Church Lady Cookbook Dialogs: Waste Not Want Not: The Kale and Pig Hocks Edition
Don’t get me wrong. I like kale. I use it in salads and love it with Swiss cheese and some honey mustard dressing as a low cost nutritious sandwich. What I don’t like about kale is that it comes in bags the size of overstuffed pillows and, to my everlasting disappointment, I have never been able to use it all before it starts to go bad.
I hate to waste anything and throwing good food away hurts my heart. I’ve lived a long life of near the economic edge. I have eaten things I’ve seen others toss with nary a care as my mind races thinking of how much that cost, how I could have used that and an immense sadness over the waste as it plopped into the garbage. I’ve cut the green parts off cheese, ignored expired dates, perfected the smell test and generally stretched my what-is-acceptable to eat comfort level.
So, this kale thing has been a wrenching dilemma when debating whether I should buy that yummy, healthy, inexpensive pile of kale. I carefully weigh how I will prepare it, whether I can finish it all, and eventually resign myself to its loss when I cringe and finally give in and toss it weeks later.
But the good Dutch ladies of the Baxter Street Christian School of Grand Rapids, MI have offered me an out, Boerenkool, a (literal) mash up of kale and potatoes. Recipes in the church lady cookbook they published January 1945 include recipes handed to them from their mothers and grandmothers from the old country. This one is especially beloved as it is a comfort food for long cold winters. These Dutch women and others of this era were reluctant to throw away food and used everything they could afford in order to provide their families with a healthy meal. Boerenkool is often served with sausage on top, and this particular recipe includes additional flavor and nutrition using stock from a pig hock.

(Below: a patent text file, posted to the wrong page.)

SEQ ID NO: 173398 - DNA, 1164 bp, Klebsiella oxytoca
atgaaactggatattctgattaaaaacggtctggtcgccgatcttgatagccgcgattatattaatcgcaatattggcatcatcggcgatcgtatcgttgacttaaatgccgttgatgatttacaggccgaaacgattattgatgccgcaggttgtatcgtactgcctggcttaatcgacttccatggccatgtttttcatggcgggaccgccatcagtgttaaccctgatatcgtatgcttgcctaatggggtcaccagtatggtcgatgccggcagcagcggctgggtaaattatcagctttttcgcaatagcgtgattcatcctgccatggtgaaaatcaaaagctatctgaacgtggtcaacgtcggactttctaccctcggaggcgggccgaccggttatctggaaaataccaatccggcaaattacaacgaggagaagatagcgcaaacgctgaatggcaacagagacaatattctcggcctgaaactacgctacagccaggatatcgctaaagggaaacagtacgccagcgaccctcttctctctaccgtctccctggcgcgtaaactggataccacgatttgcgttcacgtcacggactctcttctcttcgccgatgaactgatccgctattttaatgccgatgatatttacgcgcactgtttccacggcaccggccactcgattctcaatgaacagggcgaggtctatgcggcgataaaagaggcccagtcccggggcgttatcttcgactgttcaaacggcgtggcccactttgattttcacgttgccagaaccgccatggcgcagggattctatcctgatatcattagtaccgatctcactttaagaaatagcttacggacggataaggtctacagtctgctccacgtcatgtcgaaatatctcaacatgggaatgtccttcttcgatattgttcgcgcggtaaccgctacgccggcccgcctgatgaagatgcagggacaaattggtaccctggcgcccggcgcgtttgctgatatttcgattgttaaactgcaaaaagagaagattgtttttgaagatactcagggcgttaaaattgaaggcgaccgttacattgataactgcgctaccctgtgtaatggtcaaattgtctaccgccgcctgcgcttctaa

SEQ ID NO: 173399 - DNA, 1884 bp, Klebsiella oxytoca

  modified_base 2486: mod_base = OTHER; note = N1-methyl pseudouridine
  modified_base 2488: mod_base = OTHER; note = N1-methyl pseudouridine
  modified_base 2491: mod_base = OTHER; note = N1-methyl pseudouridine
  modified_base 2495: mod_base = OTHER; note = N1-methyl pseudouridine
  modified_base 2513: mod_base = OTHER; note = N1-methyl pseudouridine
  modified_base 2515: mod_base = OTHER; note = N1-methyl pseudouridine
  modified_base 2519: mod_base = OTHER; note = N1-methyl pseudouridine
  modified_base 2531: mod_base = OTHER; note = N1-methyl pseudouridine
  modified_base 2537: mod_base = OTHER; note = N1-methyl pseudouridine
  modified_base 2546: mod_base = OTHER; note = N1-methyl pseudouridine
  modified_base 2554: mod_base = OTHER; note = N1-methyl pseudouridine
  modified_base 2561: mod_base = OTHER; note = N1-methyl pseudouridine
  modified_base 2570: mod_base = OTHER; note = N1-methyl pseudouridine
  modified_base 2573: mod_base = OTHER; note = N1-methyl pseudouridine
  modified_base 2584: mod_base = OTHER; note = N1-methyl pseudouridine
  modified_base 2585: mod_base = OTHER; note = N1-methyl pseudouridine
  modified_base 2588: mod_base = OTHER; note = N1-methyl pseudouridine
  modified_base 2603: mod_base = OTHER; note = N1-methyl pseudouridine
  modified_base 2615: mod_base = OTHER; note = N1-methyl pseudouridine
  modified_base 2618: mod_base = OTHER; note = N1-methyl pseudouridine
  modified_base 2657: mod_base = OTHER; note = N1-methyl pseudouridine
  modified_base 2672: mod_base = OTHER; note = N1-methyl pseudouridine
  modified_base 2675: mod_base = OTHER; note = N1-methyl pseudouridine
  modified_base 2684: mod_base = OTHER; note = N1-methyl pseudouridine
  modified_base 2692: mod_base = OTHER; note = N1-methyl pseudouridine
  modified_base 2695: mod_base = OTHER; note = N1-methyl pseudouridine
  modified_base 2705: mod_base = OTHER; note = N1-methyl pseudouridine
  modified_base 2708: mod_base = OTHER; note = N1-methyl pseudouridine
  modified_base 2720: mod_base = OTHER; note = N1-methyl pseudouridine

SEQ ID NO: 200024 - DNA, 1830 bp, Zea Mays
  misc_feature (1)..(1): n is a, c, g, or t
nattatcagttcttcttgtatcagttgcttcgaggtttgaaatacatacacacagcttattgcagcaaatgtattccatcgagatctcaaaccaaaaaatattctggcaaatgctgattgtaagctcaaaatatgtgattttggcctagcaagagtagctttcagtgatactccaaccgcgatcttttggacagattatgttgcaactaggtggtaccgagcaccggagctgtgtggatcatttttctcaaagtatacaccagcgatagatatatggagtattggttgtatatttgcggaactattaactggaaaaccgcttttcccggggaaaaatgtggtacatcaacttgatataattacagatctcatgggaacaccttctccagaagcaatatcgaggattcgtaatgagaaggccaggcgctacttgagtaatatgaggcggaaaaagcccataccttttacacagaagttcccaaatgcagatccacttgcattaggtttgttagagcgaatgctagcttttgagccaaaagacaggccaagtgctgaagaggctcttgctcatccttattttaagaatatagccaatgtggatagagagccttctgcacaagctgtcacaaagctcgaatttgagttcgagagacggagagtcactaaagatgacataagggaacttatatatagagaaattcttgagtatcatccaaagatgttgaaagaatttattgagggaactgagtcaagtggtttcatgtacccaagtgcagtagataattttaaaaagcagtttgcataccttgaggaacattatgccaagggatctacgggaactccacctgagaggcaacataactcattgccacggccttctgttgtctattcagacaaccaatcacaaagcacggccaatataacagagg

Pig hocks (aka: ham hocks) are the lower portion of the rear leg at the joint. They consist of collegen, connective tissue, fat, skin and only a small amount of meat. While they do not make many appearances in modern kitchens and recipes they likely were around in your gramma and great-gramma’s kitchen. They are inexpensive and while not much on them is necessarily edible, they provide a tasty and nutritious way to create soup or stock for use in other recipes. Cheaper cuts of meat and those that have fallen out of favor from popular taste may be making a come-back. The current disruption of the meat supply chain may require some creative thinking and we can go back to gramma’s kitchen for some ways to deal with this.
This recipe makes use of an abundance of kale, and makes sure that none of the pork goes to waste either. My heart was filled with joy that nothing needs go to waste for a tasty and satisfying meal. This makes me happy. Here you go, a recipe for Borenkool: